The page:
Staunton, May 29 – Today brings three reports about new developments in the Russian military. One, a new focus on non-commissioned officers, represents an important step forward; but two, an attack on tolerance programs in the military and an admission Moscow is developing its new weapons systems by copying US ones captured in Syria point in the opposite direction.
In today’s Izvestiya, Bogdan Stepovoy and Aleksandr Kruglov describe what they say is “a quiet cadres revolution in the armed forces of the Russian Federation,” involving the professionalization and elevation of the status of sergeants in the command structure (iz.ru/745001/bogdan-stepovoi-aleksandr-kruglov/serzhanty-dogoniaiut-ofitcerov).
The benefits for sergeants and especially for their wives are being increased dramatically in order to hold these men in the service because the Russian defense ministry now recognizes that “sergeants are the foundation of the military preparation of any army in the world” and need to be treated as such.
This represents a remarkable shift, at least at the level of intention, of the Russian military, which was notorious in Soviet times for having junior officers do what sergeants did in NATO armies. That undermined discipline and left the Warsaw Pact militaries in a far less capable position than their opposite numbers.
Indeed, one of the most obvious vectors in the development of military structures in the countries of the former Warsaw Pact and the former Soviet republics and occupied Baltic countries has been the elevation of sergeants as key players in military units. The Izvestiya article suggests that Russia is now following in their wake.
But if this a step forward for the Russian military and the soldiers serving in it, two other developments reported today are definitely retreats. The first of these is an attack by Dmitry Nesterov, a military retiree who serves on the Education Ministry’s advisory board, on the entire notion of introducing lessons in “tolerance” in the army (beregrus.ru/?p=11237).
Nesterov says that the introduction of such lessons at the Moscow Suvorov Academy represents “a threat” to Russian national security because “a ‘tolerant’ warrior cannot be a warrior.” Tolerance, he argues, is “a Western term which arose in liberal society” and which has no place in Russia.
It presupposes respect for various points of view and for “sexual deviants, treason … and pedophilia.” In Western countries, “homosexuals, lesbians, trans-sexuals, transvestites, and pedophiles with satisfaction serve in the armies, promoting the total dictatorship of tolerance to their perversions,” Nesterov says.
“Our people does not need to learn such ‘tolerance,’” he argues. “Our children must be raised on the thousand-year-old spiritual and moral values of Russian civilization and become in a spirit of love and self-respect patriots of their country, always ready to defend the Fatherland and their people.” They do not need any Western “tolerance” to do that.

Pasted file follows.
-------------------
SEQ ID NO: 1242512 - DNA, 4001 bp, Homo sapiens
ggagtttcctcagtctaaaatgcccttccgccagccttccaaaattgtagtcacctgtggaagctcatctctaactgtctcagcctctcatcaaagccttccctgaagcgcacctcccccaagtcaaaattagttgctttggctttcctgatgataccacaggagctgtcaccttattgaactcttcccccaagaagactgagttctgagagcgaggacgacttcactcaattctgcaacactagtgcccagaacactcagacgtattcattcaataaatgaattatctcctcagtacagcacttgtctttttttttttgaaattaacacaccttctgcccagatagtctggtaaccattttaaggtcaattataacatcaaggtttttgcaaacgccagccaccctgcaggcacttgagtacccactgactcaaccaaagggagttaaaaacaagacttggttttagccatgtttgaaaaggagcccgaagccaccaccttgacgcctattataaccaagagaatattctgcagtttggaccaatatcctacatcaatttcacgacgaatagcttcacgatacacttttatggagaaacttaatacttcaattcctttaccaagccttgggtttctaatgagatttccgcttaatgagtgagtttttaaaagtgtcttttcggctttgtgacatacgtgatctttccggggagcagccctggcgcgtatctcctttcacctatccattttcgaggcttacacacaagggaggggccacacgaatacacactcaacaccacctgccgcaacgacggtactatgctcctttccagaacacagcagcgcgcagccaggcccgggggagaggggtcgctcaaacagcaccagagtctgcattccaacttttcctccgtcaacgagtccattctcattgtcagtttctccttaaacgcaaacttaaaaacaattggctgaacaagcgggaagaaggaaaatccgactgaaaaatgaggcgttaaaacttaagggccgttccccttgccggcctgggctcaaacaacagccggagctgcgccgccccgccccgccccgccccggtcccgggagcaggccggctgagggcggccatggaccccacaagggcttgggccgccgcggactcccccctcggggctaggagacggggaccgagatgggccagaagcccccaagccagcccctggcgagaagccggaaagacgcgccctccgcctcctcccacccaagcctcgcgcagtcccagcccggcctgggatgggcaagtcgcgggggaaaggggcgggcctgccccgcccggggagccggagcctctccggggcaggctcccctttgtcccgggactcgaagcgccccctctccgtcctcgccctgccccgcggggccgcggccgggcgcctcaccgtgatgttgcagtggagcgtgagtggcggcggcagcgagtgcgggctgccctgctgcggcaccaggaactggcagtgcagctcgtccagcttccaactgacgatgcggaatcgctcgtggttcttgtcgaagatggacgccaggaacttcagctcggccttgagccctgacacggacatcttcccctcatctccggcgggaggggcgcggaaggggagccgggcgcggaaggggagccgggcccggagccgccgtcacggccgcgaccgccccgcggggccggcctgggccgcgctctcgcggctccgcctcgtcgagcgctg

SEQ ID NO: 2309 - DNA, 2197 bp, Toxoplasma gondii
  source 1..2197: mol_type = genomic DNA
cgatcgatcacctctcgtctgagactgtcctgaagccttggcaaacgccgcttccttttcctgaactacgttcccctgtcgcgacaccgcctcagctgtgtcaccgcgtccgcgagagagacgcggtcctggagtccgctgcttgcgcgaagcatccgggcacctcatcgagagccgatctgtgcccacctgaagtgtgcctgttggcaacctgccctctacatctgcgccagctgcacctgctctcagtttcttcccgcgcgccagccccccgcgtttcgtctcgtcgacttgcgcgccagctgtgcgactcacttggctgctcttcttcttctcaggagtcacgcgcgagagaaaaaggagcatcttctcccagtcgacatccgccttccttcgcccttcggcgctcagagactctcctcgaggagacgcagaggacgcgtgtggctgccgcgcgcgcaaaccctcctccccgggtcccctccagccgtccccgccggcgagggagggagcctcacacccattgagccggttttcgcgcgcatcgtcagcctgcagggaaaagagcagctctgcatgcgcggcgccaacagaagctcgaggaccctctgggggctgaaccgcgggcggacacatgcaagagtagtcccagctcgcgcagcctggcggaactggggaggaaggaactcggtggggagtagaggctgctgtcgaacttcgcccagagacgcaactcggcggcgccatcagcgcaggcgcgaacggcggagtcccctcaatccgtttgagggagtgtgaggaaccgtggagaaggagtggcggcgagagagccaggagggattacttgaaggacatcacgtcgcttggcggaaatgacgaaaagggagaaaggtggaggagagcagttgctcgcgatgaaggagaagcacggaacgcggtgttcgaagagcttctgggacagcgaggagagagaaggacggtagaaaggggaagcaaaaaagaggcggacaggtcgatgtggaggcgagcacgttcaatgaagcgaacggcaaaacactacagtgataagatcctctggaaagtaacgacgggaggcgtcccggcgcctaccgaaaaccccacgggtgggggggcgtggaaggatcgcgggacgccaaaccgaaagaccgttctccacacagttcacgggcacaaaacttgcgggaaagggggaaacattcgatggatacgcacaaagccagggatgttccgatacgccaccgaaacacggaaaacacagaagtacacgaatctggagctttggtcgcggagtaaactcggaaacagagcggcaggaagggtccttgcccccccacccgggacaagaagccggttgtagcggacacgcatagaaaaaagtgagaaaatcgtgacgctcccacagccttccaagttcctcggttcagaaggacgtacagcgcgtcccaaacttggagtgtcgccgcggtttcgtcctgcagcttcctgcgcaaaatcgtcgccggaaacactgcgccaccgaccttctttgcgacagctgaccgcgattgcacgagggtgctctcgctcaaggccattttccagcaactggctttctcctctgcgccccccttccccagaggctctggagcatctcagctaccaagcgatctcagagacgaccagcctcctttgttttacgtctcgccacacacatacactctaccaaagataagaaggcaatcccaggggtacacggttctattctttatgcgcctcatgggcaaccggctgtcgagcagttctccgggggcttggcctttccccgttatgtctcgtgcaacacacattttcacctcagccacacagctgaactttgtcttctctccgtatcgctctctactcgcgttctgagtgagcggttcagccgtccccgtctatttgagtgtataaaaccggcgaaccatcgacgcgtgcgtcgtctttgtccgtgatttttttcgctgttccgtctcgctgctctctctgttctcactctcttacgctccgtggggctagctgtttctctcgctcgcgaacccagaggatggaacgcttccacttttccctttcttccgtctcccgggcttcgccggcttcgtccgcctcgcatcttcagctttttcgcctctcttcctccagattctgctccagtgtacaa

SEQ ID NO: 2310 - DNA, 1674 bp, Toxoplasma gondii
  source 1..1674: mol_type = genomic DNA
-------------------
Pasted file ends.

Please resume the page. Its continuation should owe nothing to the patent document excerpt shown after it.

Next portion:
The second of these retreats is that Russian military industrial figures acknowledge that they are developing new weapons systems not independently and in advance of the West as Vladimir Putin has claimed but by carefully examining and copying US weaponry seized when possible in Syria (snob.ru/news/161357, stoletie.ru/lenta/tomagavki_pomogut_rossii_v_sozdanii_novogo_oruzhija_279.htm and themoscowtimes.com/news/russia-develop-new-electronic-warfare-systems-after-analyzing-us-missiles-recovered-syria-61617).
Besides raising questions about the much-ballyhooed Russian research and development effort, such reports recall Soviet times when Moscow used every opportunity to gain access either by accident or by espionage Western secrets from the atomic bomb to the construction of aircraft.
Many of these efforts are now well-known but the one that springs to mind may be less familiar to some: During World War II, an American DC-3 crashed in Russia and was quickly taken away by Soviet secret police and handed over to the military’s r and d community for them to learn from and even copy.
This led to one of the more amusing stories of the Cold War: The American plane happened to have a serious dent on one wing. The Soviets copying it assumed this dent had a purpose although they did not know what it might be. They thus included such a dent in the line of Soviet planes that they released on the basis of this “research” effort.
That only ended when at some point an American official asked them why it was there, noting that American planes could in fact fly with such a dent but didn’t need the dent to be able to get off the ground.